I have been living without a range for a whole month!
My old range had been sending me death signals for over a year but I kept deliberately ignoring them, just like I ignore any other sign of problems in my life. (I know, I know… not the best coping strategy, but it has worked for me in the past!)
This time, however, the problem ended with one range fatality, confirmed by the rapidly blinking “error 300,” and the range’s inability to produce a breath of gas. I don’t hold much loyalty to my appliances, so instead of fixing “the altar at Cucee’s sanctuary,” I promptly ordered a new system that took a whole month to be delivered and installed.
Meanwhile, without an easy access to an indoor fire, I had to get creative with my cooking. I’ve iron-cheffed my way around the backyard grill to put breakfast, lunch and dinner on the table – food ranging from grills to omelets to soups. Boy, that one lonely little burner on the side of my Weber had never expected so much action!!!
The last thing that I made on the “grill” was so memorable that it was also the first dish to inaugurate my brand new stove. A rich-tasting, flavorful vegetable soup became one of our new favorites and served as a perfect choice to welcome the fall season. Chunky and hearty, it was still so darn healthy. But the biggest surprise of all was the broth – full of flavor, depth and unexpected complexity.
Adapted from The Moosewood Cookbook
- 2½ Tbsp olive oil
- 2 onions, diced
- ¼ celery stalk, chopped
- 2 cloves garlic, minced
- 1 medium sweet potato, peeled and diced
- 1 medium white potato, peeled and diced
- 1¼ tsp paprika
- ½ tsp dried basil
- ½ tsp salt
- pinch cayenne pepper
- 2 bay leaves
- 3 cups water
- 2 Tbsp soup base
- 3 tsp soy sauce
- 1 can stewed tomatoes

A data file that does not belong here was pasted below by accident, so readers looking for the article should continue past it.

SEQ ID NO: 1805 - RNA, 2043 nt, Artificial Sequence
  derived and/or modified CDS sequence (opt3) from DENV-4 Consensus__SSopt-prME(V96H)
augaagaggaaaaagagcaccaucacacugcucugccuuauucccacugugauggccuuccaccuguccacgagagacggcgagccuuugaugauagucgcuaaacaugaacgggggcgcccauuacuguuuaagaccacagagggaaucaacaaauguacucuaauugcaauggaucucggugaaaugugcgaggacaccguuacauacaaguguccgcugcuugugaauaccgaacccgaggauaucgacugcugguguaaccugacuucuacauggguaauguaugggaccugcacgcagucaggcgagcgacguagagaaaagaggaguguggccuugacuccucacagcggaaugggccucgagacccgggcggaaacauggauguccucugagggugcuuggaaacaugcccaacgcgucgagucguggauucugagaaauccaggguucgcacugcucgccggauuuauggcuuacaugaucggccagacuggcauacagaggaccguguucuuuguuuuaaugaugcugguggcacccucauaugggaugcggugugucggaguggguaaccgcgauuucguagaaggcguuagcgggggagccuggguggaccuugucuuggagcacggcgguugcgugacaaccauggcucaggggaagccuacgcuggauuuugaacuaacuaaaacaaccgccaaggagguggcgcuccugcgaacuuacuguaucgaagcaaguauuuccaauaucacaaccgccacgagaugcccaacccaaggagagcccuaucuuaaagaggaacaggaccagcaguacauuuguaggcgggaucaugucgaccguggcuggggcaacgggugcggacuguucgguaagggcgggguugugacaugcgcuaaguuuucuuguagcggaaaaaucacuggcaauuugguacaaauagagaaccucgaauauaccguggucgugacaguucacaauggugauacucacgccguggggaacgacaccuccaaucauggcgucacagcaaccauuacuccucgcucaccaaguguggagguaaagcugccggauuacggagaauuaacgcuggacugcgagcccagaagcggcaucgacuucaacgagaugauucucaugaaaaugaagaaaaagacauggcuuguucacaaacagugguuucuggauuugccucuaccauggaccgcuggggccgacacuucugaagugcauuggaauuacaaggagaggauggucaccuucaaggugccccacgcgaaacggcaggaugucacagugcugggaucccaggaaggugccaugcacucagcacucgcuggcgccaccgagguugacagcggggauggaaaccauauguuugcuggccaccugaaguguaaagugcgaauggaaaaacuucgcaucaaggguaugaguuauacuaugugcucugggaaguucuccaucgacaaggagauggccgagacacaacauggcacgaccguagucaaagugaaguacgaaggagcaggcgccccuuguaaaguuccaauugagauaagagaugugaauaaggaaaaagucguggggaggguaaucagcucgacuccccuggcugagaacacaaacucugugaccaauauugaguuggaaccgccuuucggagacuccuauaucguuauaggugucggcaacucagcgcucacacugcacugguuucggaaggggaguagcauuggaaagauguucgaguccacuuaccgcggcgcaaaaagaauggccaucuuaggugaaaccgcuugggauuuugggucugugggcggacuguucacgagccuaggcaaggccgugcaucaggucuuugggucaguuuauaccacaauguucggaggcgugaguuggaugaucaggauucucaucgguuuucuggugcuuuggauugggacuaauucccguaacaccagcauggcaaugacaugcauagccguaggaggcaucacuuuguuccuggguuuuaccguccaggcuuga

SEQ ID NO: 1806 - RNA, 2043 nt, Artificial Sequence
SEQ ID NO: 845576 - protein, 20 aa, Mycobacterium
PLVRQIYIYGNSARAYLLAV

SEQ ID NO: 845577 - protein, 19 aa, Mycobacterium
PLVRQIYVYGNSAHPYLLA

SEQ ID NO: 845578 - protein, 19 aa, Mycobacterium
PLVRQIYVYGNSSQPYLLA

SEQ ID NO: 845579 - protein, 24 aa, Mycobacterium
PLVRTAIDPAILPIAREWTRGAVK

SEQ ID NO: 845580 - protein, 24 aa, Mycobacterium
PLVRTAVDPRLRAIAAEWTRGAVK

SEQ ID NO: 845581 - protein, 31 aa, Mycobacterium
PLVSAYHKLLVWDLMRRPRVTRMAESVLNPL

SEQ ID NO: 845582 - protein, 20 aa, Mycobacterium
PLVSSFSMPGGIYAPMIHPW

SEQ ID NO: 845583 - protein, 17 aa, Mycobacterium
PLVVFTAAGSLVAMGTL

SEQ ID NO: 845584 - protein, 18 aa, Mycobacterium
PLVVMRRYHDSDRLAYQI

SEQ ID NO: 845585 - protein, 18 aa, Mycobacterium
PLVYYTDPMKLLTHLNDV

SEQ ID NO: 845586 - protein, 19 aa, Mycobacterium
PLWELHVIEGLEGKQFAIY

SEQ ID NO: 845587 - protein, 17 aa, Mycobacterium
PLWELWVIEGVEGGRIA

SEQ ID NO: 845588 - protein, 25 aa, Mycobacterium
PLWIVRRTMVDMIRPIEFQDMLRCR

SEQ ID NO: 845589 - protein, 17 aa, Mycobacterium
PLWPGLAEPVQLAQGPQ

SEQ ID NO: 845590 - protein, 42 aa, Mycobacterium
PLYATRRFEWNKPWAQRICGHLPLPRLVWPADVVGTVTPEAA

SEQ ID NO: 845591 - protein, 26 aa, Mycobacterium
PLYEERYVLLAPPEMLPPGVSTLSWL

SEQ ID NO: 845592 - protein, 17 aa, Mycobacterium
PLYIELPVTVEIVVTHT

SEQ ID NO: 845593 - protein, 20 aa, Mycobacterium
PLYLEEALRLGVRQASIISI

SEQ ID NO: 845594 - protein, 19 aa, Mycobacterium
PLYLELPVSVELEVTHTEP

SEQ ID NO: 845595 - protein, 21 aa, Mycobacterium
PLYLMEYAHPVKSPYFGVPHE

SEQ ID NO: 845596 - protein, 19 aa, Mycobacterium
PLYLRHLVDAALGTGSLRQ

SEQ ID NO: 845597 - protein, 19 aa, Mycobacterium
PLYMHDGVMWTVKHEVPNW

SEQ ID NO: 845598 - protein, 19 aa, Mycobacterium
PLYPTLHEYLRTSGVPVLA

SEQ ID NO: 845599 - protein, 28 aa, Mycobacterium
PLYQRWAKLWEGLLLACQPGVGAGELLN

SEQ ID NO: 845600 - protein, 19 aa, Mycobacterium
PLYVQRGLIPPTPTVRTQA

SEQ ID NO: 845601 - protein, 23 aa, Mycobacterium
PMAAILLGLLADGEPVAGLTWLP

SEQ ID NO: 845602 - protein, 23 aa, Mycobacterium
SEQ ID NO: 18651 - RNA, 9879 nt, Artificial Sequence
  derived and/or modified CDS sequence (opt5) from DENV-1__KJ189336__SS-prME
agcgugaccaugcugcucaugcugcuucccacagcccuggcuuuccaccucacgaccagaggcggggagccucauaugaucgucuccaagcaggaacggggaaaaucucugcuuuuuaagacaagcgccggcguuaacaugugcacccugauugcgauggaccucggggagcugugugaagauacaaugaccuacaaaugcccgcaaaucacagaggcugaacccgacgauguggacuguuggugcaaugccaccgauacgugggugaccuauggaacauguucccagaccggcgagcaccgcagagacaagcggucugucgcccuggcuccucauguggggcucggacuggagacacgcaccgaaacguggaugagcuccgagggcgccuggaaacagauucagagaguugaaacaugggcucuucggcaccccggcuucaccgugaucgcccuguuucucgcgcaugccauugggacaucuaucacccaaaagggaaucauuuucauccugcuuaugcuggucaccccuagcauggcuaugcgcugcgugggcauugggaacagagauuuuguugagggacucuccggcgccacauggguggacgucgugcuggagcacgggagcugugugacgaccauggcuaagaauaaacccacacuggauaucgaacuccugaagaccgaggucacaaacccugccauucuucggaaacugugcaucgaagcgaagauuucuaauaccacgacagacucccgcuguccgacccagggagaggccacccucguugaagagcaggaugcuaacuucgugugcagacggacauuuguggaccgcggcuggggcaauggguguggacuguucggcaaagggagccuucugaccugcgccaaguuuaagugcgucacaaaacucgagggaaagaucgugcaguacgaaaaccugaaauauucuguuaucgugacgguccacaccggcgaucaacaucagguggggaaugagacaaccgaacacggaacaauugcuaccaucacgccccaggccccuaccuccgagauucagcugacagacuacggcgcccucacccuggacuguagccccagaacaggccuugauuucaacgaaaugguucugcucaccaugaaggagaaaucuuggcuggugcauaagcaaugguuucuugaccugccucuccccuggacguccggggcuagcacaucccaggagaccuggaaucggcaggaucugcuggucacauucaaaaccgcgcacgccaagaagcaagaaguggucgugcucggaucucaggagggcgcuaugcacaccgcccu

- 1 cup dry lentils
- 1 red pepper, diced
- Heat olive oil in a large soup pot over medium heat. Saute onion, garlic, celery, and potatoes for 5 minutes. Add paprika, basil, salt, cayenne, and bay leaf and mix well. Add water, tomatoes, lentils, soup base, and soy sauce and stir. Bring to a boil, then reduce heat to low and simmer (covered) for 15 minutes.
- Add red pepper, plus more water as needed (it should come to the top of the vegetables). If you add water, you may want to also add a bit more soup mix or soy sauce. Simmer for another 10 minutes, or until all the vegetables are tender.
- Find the bay leaf and discard it. Taste and adjust seasoning as needed, then garnish individual bowls of soup with fresh parsley.
A delicious Hall Napa Valley Merlot is an excellent choices for pairing with this soup, for it is medium bodied, soft and fruity.
4 thoughts on “Gypsy soup”
I’ve been reading your blog for a while and I really dig your photos. Your eye for composition is pretty great, especially with your medium format stuff. I’m also happy to say that reading your blog pushed me into trying my hand at cooking -Derek
Mmm, this sounds good — and since I’ve been looking for more vegetable soup options, it’s one I’m looking forward to trying. I’m visualizing toasting up some nice robust bread, smearing it with the cloves of soft garlic, and serving alongside the soup… Ever given that a try?
funny, i have that cookbook sitting next to me on the table right now!
i’m making her Carrot Soup tonight. i love this cookbook but haven’t made that soup. it sounds delicious and i’ll have to try it soon!
Made it last week! LOVED it.